Why Kenyans love Kigali (Part 2)

See part 1 of why Kenyans Love Kigali, which this articl is a continuation.

In my previous post on why Kenyans love Kigali, or Rwanda for that matter, I had mentioned on the security of the city. The post however widely dealt with the feel and appearance of the city, and a little bit of the country.

Both of my visits to Kigali have been through the airport, though you may opt for a more adventurous journey by road. Getting to Kigali then required a Kenyan passport, but no visa. Now, all you need to go through both Uganda and Rwandan borders are a National Identity Card.

For travel by air, Rwandair is a cheaper option for Kenyans as compared to our national flag carrier, Kenya Airways. Ironically, most other Africans get to Kigali via Kenya Airways, thought most Kenyans will opt for the cheaper Rwandair. The flights are comfortable and the service on board the 1 hour 15 minutes flight is great.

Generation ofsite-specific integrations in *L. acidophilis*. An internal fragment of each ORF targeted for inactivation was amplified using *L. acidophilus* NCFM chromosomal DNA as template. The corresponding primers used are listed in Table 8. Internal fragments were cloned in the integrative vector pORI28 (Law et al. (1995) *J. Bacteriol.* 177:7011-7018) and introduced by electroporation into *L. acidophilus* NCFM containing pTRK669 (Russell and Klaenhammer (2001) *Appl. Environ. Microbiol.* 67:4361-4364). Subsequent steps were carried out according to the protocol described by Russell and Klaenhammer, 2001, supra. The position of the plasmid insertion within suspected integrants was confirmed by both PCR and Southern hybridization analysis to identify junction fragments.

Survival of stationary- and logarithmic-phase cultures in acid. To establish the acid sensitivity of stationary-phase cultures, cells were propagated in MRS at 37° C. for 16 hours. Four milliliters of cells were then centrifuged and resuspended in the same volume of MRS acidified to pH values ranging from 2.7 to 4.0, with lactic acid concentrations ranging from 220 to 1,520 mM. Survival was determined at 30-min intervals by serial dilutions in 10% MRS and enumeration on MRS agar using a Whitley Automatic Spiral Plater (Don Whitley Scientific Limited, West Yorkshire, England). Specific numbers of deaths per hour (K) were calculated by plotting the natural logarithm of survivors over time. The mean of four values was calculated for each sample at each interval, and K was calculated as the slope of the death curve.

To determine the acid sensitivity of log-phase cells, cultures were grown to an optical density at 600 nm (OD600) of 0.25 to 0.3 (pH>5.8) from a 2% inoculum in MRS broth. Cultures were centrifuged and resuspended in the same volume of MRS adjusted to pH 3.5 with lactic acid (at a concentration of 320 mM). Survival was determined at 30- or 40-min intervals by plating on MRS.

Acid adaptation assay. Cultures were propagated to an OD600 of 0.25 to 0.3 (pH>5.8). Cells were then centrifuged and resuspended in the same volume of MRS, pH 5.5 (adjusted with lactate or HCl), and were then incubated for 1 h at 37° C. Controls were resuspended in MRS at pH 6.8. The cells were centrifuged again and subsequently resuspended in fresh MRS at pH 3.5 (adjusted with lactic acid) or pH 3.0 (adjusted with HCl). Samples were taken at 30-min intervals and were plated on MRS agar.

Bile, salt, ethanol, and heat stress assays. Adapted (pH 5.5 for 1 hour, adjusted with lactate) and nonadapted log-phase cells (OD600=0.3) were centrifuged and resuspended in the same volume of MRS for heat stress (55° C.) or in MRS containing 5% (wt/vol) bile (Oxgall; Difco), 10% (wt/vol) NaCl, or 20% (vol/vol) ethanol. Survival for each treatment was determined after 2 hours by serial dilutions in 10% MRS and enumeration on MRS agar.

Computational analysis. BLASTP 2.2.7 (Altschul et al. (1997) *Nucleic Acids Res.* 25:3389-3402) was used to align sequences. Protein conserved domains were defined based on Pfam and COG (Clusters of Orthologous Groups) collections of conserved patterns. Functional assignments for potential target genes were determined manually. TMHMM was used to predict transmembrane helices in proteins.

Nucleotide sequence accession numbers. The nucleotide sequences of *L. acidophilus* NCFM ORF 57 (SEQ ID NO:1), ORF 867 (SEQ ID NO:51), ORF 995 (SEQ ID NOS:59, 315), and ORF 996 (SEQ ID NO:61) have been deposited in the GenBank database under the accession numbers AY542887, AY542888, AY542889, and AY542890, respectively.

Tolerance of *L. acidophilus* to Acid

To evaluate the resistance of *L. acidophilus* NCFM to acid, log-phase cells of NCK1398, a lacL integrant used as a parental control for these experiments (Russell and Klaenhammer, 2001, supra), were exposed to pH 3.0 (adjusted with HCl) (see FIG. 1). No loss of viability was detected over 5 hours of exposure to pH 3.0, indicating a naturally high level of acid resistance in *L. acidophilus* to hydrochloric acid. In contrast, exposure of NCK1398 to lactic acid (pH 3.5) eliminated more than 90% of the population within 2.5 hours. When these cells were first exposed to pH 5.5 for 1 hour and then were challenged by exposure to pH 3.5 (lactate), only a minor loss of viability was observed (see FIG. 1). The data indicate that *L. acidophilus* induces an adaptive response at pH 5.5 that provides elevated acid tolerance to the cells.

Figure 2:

Depending on the weather, your landing can be quite full of turbulence in Kigali. The airpor…

The Idle Life of a Regular Kenyatta University Student.

My education life was quite an active one, till I completed the 8.4. part of 8.4.4. I went to good primary schools, with tuition in class 6-8 and boarding in class 7 & 8. My life in primary was quite full, esp with tuition in class 7 & 8.I passed KCPE and was admitted to a good National School in Nairobi. My High School life was divided into 3 months holiday and 9 months schooling per year, except for 4th form where i spend I had a 1 month holiday between January and November. I was therefore well occupied for the first 12 years of my education.

After sitting for my Kenya Certificate of Secondary Education(KCSE) in November 2004, I had to wait for results till March 2005. I was well above the B+ university cut off. Previously in early 2004, we had chosen universities and courses we would like to attend by filling the Joint Admissions Board forms. After the results were out in early 2005, we had to wait till August 2005 for the 2004 KCSE lot to change their university and cours…